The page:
Malalai Joya at a rally in 2006

Malalai Joya is without a doubt a monolith for women to rally behind, a stalwart voice against the corrupting Karzai Government, and a force against the American imperial occupation of Afghanistan that is to be reckoned with.

So why does this concern me?

Malalai Joya is a democratic activist, and proponent for women’s rights. She is a writer and former MP from Afghanistan. In fact, Joya was the youngest person to be elected to the Afghan parliament but in 2007 she was dismissed for publicly denouncing the presence of warlords and war criminals in the Afghan parliament. Since then Joya has been travelling Afghanistan and indeed the world, promoting democracy movements, and protesting for an end to the perpetual war waged by the West in her homeland.

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Malalai Joya public meeting in Sydney

Malalai Joya will be speaking on several university campuses and at union and community meetings.

Refugee Action Coalition Sydney, August 30, 2011

Malalai Joya Australian tour 2011

Malalai Joya, a peace, democracy, women’s rights and development activist, will be returning to Sydney to address various meetings after having been a guest at the Melbourne Writers Festival at the end of August-early September.

At a time when Afghanistan is more dangerous than ever, and Afghan refugees are still being refused asylum, come and hear this important voice against the ongoing war and occupation of the country.

Malalai Joya will be speaking on several university campuses and at union and community meetings.

Her main public meeting in Sydney will be on Friday September 9, 5.30pm for 6pm at the Marrickville Town Hall (click for map).

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Malalai Joya in Australia Sept 5: Afghanistan 10 years on & why western troops must leave

We at Wikileaks Central salute an incredibly brave woman and look forward to hearing what she has to say down under.

Peter Kemp, Wikileaks Central, Aug. 19, 2011

Malalai Joya Australian tour 2011

Malalai Joya – the woman Time Magazine listed as one of the 100 most influential people in the world - is travelling to Armidale [NSW Australia] to present her talk Afghanistan – 10 years on on the eve of the 10th anniversary of the 9/11 terror attacks on the US and the coalition invasion of Afghanistan. Described as the bravest and most famous woman in Afghanistan she is a writer, feminist and anti-war activist and it is an honour to have the chance to hear her talk after her appearance as a guest speaker at the Melbourne Writer’s festival. Her first visit to Australia was in 2009, when she was promoting her autobiographical book Raising My Voice and she continues to be a voice for her own people and for peace everywhere.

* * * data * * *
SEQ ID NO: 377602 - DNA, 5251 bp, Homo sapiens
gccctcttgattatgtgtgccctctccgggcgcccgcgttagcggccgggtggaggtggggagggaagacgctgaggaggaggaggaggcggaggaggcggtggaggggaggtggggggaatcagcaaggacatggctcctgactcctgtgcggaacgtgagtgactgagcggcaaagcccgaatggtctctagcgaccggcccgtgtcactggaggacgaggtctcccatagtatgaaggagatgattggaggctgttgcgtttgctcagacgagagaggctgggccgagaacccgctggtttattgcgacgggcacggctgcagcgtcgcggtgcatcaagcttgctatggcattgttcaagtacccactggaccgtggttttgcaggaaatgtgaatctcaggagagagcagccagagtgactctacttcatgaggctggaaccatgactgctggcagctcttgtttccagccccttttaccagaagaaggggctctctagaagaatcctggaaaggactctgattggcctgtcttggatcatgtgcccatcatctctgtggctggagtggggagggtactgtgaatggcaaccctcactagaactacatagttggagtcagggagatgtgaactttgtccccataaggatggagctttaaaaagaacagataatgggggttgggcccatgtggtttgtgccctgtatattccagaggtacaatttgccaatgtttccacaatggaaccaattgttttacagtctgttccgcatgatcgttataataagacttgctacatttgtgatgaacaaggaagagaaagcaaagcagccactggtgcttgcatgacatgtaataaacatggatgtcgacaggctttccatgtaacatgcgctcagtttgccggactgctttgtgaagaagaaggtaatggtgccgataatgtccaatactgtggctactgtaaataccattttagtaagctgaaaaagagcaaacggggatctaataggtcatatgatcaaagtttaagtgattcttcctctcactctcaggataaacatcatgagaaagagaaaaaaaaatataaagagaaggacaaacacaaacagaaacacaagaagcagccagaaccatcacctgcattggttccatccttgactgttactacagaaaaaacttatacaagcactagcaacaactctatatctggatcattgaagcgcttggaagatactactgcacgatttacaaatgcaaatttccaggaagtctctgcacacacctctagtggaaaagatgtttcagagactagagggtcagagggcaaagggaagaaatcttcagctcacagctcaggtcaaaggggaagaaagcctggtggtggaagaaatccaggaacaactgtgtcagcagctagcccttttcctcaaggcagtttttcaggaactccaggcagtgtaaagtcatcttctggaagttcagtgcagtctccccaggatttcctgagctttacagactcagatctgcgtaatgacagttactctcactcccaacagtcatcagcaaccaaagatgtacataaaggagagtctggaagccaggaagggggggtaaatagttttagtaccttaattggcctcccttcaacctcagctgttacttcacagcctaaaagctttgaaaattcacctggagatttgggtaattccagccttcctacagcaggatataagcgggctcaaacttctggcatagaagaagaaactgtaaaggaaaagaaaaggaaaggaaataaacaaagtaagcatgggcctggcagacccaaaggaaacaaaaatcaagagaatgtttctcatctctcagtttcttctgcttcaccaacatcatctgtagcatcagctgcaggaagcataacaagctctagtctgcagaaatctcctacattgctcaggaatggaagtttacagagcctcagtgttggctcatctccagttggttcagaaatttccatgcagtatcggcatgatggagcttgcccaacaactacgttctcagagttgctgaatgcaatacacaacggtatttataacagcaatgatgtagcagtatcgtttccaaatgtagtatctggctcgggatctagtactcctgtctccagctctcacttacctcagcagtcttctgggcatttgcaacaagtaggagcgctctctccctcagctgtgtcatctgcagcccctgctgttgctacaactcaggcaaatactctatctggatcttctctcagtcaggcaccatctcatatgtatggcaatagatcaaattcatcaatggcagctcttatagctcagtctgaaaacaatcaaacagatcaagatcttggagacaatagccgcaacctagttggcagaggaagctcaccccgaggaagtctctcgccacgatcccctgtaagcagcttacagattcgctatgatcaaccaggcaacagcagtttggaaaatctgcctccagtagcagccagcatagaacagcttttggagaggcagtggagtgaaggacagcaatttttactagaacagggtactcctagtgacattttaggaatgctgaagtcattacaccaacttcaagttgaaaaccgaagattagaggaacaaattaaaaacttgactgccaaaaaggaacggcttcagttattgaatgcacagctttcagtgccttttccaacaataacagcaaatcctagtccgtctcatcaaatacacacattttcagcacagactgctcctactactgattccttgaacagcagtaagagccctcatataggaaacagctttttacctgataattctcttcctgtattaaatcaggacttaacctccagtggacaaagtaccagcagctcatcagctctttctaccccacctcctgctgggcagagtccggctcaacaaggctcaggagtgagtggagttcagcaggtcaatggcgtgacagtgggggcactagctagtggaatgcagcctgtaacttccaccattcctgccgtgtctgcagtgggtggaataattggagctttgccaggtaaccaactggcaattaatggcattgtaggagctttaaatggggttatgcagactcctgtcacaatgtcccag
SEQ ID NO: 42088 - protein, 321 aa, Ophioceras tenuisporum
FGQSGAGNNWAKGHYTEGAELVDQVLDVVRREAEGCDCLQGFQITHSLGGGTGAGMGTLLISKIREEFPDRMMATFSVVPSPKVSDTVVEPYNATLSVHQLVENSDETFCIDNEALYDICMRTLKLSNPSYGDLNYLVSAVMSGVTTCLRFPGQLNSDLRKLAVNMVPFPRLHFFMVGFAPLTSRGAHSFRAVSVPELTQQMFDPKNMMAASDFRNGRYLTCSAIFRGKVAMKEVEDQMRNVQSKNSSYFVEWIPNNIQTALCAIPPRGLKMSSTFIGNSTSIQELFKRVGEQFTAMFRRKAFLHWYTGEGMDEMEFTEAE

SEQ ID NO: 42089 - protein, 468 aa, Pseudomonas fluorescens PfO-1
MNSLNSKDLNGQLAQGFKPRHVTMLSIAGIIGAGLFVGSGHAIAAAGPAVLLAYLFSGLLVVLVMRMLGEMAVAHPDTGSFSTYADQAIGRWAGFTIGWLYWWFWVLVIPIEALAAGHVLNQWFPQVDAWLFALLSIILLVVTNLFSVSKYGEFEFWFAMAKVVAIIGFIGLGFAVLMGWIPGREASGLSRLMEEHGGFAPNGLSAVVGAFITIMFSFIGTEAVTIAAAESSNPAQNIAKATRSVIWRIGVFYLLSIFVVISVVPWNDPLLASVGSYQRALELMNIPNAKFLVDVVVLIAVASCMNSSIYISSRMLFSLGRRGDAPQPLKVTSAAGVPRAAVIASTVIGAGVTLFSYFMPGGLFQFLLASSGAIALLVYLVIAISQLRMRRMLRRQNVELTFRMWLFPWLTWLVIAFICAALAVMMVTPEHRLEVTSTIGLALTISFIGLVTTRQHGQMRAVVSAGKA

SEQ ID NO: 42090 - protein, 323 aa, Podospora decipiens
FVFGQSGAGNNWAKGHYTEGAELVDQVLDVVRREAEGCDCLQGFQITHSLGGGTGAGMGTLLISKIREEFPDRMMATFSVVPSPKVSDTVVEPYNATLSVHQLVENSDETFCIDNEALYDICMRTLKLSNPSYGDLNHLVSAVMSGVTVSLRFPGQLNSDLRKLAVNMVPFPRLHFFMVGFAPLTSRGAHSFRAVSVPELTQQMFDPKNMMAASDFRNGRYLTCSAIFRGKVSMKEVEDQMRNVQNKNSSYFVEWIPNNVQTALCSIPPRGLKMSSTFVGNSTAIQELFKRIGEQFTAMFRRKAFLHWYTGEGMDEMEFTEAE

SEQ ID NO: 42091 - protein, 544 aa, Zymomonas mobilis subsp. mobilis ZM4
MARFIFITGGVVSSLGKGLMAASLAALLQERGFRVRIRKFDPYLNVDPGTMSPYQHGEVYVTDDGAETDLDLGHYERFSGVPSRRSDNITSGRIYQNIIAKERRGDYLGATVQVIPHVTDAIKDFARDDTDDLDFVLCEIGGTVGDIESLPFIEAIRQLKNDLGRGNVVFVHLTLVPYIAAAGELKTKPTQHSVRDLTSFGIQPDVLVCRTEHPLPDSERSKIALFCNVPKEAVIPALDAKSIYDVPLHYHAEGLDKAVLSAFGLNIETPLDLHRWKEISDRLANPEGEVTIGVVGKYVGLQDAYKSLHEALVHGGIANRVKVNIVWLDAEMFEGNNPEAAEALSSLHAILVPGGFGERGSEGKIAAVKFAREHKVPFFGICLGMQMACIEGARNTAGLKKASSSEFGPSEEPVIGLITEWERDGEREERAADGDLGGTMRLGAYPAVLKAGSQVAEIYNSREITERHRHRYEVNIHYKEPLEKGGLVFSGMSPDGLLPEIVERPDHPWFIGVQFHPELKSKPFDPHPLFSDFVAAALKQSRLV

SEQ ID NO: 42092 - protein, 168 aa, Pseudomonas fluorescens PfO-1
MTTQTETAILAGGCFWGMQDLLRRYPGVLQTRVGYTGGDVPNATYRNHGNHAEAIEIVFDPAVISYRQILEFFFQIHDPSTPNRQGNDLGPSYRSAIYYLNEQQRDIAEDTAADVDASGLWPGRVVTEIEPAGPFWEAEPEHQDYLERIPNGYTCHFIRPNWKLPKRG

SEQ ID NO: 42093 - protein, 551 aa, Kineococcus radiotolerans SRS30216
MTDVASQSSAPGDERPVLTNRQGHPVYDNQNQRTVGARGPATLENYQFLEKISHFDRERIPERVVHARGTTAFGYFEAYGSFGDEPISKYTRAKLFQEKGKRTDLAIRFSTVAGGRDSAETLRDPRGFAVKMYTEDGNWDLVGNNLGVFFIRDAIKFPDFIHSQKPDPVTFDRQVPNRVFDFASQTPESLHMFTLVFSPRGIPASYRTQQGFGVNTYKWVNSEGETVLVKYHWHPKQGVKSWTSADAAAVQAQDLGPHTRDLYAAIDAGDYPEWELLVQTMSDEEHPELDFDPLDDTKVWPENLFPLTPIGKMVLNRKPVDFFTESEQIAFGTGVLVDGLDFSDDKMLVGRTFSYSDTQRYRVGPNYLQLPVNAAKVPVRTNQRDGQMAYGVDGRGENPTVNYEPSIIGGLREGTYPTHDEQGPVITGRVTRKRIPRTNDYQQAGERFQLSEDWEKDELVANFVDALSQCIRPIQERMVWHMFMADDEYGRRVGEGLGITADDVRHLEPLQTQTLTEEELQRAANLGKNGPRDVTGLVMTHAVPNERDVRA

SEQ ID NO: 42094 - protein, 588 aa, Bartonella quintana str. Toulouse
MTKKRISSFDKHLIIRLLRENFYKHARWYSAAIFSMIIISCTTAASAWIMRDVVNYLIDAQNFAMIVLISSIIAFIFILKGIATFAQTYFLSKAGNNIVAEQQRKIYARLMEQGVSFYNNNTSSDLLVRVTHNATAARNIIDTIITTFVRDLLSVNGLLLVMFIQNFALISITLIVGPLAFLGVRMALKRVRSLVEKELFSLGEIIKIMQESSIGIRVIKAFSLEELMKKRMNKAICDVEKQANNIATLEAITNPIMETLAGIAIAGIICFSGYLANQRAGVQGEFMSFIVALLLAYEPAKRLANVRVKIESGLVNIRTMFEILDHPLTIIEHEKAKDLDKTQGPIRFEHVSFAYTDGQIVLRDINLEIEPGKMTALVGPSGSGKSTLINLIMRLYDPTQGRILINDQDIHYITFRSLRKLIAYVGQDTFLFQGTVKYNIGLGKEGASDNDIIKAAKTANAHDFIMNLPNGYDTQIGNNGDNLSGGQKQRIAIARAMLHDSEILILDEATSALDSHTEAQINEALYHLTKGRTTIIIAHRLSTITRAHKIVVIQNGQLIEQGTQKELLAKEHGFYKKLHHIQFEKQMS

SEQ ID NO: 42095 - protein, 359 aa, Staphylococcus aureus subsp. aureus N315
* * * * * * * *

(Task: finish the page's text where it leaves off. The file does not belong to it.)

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Democracy is never achieved through occupation – Afghan activist

Russia Today interviews Malalai Joya in Kabul

Russia Today, June 23, 2011

RT has spoken to Malalai Joya, a former Afghan MP and human rights activist, who has been fiercely criticizing the current regime and the occupational force for "throwing Afghans from the frying pan into the fire".

She says her country is suffering from three evils at the moment: overwhelming corruption of the regime, indiscriminate violence of the occupational force and regional warlords whose actions differ little from those of the Taliban.

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Tearing Off the Masks of Those Who Hide behind Women’s Skirts: Malalai Joya

Joya criticizes big media for complicity in the atrocities of war/occupation

by Mary Beaudoin, WAMM Newsletter, May 2011

Malalai Joya, Afghan feminist and activist.

“From the sky, Occupation forces are bombing, killing civilians—mostly women and children. On the ground, Taliban and warlords together continue their fascism. If the U.S. and NATO left my country, the backbone of the Taliban and warlords would be broken.” —Malalai Joya

“The Afghan War Logs,” released last summer by WikiLeaks, revealed that the CIA advised using the plight of Afghan women as “pressure points” to rally flagging public support for the US/NATO war on Afghanistan. For that reason, the CIA must have been thrilled when last July Time Magazine featured on its cover the shocking photo of a young Afghan woman with her nose missing, reportedly cut off on Taliban orders. Next to the photo Time posed the question, “What happens to the women of Afghanistan if we leave?”